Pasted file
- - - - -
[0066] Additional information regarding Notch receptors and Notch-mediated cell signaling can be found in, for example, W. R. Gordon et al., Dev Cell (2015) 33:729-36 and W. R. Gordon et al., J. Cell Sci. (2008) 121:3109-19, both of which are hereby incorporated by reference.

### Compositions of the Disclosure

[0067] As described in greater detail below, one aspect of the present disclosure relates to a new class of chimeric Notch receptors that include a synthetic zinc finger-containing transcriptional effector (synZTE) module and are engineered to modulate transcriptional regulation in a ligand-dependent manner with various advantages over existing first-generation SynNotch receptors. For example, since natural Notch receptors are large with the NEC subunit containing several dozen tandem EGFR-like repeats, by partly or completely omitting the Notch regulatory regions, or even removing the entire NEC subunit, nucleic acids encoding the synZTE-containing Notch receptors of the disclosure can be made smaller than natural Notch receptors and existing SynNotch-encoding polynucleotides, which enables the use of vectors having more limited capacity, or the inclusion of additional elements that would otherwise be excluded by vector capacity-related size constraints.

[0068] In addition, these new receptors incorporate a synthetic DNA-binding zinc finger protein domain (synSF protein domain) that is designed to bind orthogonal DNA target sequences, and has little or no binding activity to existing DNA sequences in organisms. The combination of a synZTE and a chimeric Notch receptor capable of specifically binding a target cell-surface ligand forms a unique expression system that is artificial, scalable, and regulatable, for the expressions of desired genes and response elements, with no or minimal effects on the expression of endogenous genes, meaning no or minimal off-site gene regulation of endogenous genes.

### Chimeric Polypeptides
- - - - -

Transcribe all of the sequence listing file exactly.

[0066] Additional information regarding Notch receptors and Notch-mediated cell signaling can be found in, for example, W. R. Gordon et al., Dev Cell (2015) 33:729-36 and W. R. Gordon et al., J. Cell Sci. (2008) 121:3109-19, both of which are hereby incorporated by reference.

### Compositions of the Disclosure

[0067] As described in greater detail below, one aspect of the present disclosure relates to a new class of chimeric Notch receptors that include a synthetic zinc finger-containing transcriptional effector (synZTE) module and are engineered to modulate transcriptional regulation in a ligand-dependent manner with various advantages over existing first-generation SynNotch receptors. For example, since natural Notch receptors are large with the NEC subunit containing several dozen tandem EGFR-like repeats, by partly or completely omitting the Notch regulatory regions, or even removing the entire NEC subunit, nucleic acids encoding the synZTE-containing Notch receptors of the disclosure can be made smaller than natural Notch receptors and existing SynNotch-encoding polynucleotides, which enables the use of vectors having more limited capacity, or the inclusion of additional elements that would otherwise be excluded by vector capacity-related size constraints.

[0068] In addition, these new receptors incorporate a synthetic DNA-binding zinc finger protein domain (synSF protein domain) that is designed to bind orthogonal DNA target sequences, and has little or no binding activity to existing DNA sequences in organisms. The combination of a synZTE and a chimeric Notch receptor capable of specifically binding a target cell-surface ligand forms a unique expression system that is artificial, scalable, and regulatable, for the expressions of desired genes and response elements, with no or minimal effects on the expression of endogenous genes, meaning no or minimal off-site gene regulation of endogenous genes.

### Chimeric Polypeptides